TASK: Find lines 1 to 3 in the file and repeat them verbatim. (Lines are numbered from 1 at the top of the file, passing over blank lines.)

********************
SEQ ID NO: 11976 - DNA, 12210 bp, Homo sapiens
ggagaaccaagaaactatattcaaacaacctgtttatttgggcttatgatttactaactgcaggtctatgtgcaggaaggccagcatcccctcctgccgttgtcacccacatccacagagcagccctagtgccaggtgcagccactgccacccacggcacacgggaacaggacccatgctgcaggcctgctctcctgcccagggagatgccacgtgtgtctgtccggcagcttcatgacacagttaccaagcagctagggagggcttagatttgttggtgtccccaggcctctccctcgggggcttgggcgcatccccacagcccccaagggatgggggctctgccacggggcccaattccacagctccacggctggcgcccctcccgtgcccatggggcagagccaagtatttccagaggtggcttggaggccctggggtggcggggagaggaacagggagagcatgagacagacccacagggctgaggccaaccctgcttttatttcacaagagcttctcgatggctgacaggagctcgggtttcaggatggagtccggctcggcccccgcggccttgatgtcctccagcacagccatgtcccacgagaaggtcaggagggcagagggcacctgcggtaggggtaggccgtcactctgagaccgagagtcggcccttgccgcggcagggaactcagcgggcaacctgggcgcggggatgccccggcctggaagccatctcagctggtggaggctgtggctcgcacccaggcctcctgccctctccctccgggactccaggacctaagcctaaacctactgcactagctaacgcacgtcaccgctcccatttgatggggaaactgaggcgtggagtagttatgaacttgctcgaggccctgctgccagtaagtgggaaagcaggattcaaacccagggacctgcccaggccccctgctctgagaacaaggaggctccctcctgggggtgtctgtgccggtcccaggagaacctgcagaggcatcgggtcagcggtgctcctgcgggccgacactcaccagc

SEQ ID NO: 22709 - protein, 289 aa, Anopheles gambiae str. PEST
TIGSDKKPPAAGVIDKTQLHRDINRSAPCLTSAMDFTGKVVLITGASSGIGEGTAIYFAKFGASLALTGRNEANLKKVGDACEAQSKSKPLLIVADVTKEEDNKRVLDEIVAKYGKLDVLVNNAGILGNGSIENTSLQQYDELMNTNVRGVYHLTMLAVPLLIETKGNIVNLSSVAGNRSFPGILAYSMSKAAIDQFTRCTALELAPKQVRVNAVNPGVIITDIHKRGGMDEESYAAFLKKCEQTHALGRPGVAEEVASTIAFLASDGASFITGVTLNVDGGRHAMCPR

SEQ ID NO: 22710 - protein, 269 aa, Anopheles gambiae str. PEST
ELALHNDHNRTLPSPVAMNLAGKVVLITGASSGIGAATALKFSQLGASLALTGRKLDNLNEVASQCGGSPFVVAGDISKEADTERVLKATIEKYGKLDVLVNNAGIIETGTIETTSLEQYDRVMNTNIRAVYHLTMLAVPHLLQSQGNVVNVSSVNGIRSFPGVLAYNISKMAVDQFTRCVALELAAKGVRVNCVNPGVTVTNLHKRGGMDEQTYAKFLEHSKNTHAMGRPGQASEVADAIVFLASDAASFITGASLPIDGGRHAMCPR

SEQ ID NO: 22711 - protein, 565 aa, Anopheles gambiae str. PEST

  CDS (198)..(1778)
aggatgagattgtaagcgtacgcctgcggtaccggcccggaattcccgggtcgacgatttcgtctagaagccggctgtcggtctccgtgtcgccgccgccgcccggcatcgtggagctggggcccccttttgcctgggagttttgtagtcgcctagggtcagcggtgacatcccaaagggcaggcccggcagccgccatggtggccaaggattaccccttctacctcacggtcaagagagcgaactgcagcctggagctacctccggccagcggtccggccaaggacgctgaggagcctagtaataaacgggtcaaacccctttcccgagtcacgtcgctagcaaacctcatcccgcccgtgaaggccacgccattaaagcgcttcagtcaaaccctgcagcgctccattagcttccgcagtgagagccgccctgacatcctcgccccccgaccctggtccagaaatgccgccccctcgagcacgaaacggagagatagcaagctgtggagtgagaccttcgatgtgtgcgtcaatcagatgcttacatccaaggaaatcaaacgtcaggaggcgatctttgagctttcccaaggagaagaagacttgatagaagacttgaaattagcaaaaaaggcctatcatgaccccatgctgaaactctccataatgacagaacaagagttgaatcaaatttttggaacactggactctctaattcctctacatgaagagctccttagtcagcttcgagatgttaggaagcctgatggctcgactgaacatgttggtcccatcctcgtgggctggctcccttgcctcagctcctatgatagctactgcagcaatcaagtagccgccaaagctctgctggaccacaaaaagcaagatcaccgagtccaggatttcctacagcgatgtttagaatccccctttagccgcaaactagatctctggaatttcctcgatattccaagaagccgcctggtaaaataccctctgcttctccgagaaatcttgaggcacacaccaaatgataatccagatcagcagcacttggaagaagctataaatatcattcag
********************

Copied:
SEQ ID NO: 11976 - DNA, 12210 bp, Homo sapiens
ggagaaccaagaaactatattcaaacaacctgtttatttgggcttatgatttactaactgcaggtctatgtgcaggaaggccagcatcccctcctgccgttgtcacccacatccacagagcagccctagtgccaggtgcagccactgccacccacggcacacgggaacaggacccatgctgcaggcctgctctcctgcccagggagatgccacgtgtgtctgtccggcagcttcatgacacagttaccaagcagctagggagggcttagatttgttggtgtccccaggcctctccctcgggggcttgggcgcatccccacagcccccaagggatgggggctctgccacggggcccaattccacagctccacggctggcgcccctcccgtgcccatggggcagagccaagtatttccagaggtggcttggaggccctggggtggcggggagaggaacagggagagcatgagacagacccacagggctgaggccaaccctgcttttatttcacaagagcttctcgatggctgacaggagctcgggtttcaggatggagtccggctcggcccccgcggccttgatgtcctccagcacagccatgtcccacgagaaggtcaggagggcagagggcacctgcggtaggggtaggccgtcactctgagaccgagagtcggcccttgccgcggcagggaactcagcgggcaacctgggcgcggggatgccccggcctggaagccatctcagctggtggaggctgtggctcgcacccaggcctcctgccctctccctccgggactccaggacctaagcctaaacctactgcactagctaacgcacgtcaccgctcccatttgatggggaaactgaggcgtggagtagttatgaacttgctcgaggccctgctgccagtaagtgggaaagcaggattcaaacccagggacctgcccaggccccctgctctgagaacaaggaggctccctcctgggggtgtctgtgccggtcccaggagaacctgcagaggcatcgggtcagcggtgctcctgcgggccgacactcaccagc

SEQ ID NO: 22709 - protein, 289 aa, Anopheles gambiae str. PEST